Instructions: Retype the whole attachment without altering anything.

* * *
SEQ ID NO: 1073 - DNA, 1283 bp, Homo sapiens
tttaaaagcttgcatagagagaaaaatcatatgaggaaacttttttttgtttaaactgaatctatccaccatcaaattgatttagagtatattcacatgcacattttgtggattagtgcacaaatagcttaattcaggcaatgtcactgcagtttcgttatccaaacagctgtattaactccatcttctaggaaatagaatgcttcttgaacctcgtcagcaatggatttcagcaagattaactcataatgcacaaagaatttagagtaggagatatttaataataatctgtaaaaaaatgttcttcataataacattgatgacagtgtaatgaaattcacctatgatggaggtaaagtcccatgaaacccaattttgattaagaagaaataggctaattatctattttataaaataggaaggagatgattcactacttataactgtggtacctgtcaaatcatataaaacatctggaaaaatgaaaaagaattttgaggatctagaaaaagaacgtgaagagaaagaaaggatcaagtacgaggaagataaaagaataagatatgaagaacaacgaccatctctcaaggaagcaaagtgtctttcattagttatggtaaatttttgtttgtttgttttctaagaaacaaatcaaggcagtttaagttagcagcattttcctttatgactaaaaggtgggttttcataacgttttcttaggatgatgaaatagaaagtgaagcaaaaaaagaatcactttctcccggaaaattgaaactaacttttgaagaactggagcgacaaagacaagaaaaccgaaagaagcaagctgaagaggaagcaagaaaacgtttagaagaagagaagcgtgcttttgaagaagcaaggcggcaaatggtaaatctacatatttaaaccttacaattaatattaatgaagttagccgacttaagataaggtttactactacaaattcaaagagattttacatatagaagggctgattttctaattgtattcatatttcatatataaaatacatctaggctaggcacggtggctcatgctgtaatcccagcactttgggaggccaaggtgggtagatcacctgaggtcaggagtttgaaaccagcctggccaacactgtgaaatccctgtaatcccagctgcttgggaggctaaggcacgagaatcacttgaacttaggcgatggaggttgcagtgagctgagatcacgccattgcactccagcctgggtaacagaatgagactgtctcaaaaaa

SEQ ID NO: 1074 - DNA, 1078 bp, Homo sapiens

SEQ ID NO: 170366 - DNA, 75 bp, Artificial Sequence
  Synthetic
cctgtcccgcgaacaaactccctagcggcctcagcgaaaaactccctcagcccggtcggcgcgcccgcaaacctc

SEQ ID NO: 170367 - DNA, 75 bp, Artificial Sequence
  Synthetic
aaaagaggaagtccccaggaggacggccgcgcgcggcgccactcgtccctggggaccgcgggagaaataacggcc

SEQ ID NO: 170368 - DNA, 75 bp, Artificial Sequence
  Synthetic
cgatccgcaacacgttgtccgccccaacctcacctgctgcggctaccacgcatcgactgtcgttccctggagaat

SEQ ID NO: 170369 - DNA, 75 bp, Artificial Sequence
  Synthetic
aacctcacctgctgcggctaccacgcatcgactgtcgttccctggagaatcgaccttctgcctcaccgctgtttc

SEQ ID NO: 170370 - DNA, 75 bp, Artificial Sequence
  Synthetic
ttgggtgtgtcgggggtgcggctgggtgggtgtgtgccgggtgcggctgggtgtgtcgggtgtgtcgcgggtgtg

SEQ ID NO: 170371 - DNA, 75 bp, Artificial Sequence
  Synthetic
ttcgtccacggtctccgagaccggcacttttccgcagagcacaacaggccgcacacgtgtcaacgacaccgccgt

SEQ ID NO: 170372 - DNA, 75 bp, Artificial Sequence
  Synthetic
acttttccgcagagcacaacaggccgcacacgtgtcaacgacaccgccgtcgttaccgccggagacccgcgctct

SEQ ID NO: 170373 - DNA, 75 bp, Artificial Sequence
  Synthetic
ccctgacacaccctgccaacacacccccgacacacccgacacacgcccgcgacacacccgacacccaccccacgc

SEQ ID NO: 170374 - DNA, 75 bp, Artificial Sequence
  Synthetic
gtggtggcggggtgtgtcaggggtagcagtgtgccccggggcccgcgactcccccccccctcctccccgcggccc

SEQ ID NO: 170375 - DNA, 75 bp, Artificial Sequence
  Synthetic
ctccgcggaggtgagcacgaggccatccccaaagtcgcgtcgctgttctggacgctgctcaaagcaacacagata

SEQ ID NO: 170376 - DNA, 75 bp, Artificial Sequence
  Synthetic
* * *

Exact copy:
SEQ ID NO: 1073 - DNA, 1283 bp, Homo sapiens
tttaaaagcttgcatagagagaaaaatcatatgaggaaacttttttttgtttaaactgaatctatccaccatcaaattgatttagagtatattcacatgcacattttgtggattagtgcacaaatagcttaattcaggcaatgtcactgcagtttcgttatccaaacagctgtattaactccatcttctaggaaatagaatgcttcttgaacctcgtcagcaatggatttcagcaagattaactcataatgcacaaagaatttagagtaggagatatttaataataatctgtaaaaaaatgttcttcataataacattgatgacagtgtaatgaaattcacctatgatggaggtaaagtcccatgaaacccaattttgattaagaagaaataggctaattatctattttataaaataggaaggagatgattcactacttataactgtggtacctgtcaaatcatataaaacatctggaaaaatgaaaaagaattttgaggatctagaaaaagaacgtgaagagaaagaaaggatcaagtacgaggaagataaaagaataagatatgaagaacaacgaccatctctcaaggaagcaaagtgtctttcattagttatggtaaatttttgtttgtttgttttctaagaaacaaatcaaggcagtttaagttagcagcattttcctttatgactaaaaggtgggttttcataacgttttcttaggatgatgaaatagaaagtgaagcaaaaaaagaatcactttctcccggaaaattgaaactaacttttgaagaactggagcgacaaagacaagaaaaccgaaagaagcaagctgaagaggaagcaagaaaacgtttagaagaagagaagcgtgcttttgaagaagcaaggcggcaaatggtaaatctacatatttaaaccttacaattaatattaatgaagttagccgacttaagataaggtttactactacaaattcaaagagattttacatatagaagggctgattttctaattgtattcatatttcatatataaaatacatctaggctaggcacggtggctcatgctgtaatcccagcactttgggaggccaaggtgggtagatcacctgaggtcaggagtttgaaaccagcctggccaacactgtgaaatccctgtaatcccagctgcttgggaggctaaggcacgagaatcacttgaacttaggcgatggaggttgcagtgagctgagatcacgccattgcactccagcctgggtaacagaatgagactgtctcaaaaaa

SEQ ID NO: 1074 - DNA, 1078 bp, Homo sapiens

SEQ ID NO: 170366 - DNA, 75 bp, Artificial Sequence
  Synthetic
cctgtcccgcgaacaaactccctagcggcctcagcgaaaaactccctcagcccggtcggcgcgcccgcaaacctc

SEQ ID NO: 170367 - DNA, 75 bp, Artificial Sequence
  Synthetic
aaaagaggaagtccccaggaggacggccgcgcgcggcgccactcgtccctggggaccgcgggagaaataacggcc

SEQ ID NO: 170368 - DNA, 75 bp, Artificial Sequence
  Synthetic
cgatccgcaacacgttgtccgccccaacctcacctgctgcggctaccacgcatcgactgtcgttccctggagaat

SEQ ID NO: 170369 - DNA, 75 bp, Artificial Sequence
  Synthetic
aacctcacctgctgcggctaccacgcatcgactgtcgttccctggagaatcgaccttctgcctcaccgctgtttc

SEQ ID NO: 170370 - DNA, 75 bp, Artificial Sequence
  Synthetic
ttgggtgtgtcgggggtgcggctgggtgggtgtgtgccgggtgcggctgggtgtgtcgggtgtgtcgcgggtgtg

SEQ ID NO: 170371 - DNA, 75 bp, Artificial Sequence
  Synthetic
ttcgtccacggtctccgagaccggcacttttccgcagagcacaacaggccgcacacgtgtcaacgacaccgccgt

SEQ ID NO: 170372 - DNA, 75 bp, Artificial Sequence
  Synthetic
acttttccgcagagcacaacaggccgcacacgtgtcaacgacaccgccgtcgttaccgccggagacccgcgctct

SEQ ID NO: 170373 - DNA, 75 bp, Artificial Sequence
  Synthetic
ccctgacacaccctgccaacacacccccgacacacccgacacacgcccgcgacacacccgacacccaccccacgc

SEQ ID NO: 170374 - DNA, 75 bp, Artificial Sequence
  Synthetic
gtggtggcggggtgtgtcaggggtagcagtgtgccccggggcccgcgactcccccccccctcctccccgcggccc

SEQ ID NO: 170375 - DNA, 75 bp, Artificial Sequence
  Synthetic
ctccgcggaggtgagcacgaggccatccccaaagtcgcgtcgctgttctggacgctgctcaaagcaacacagata

SEQ ID NO: 170376 - DNA, 75 bp, Artificial Sequence
  Synthetic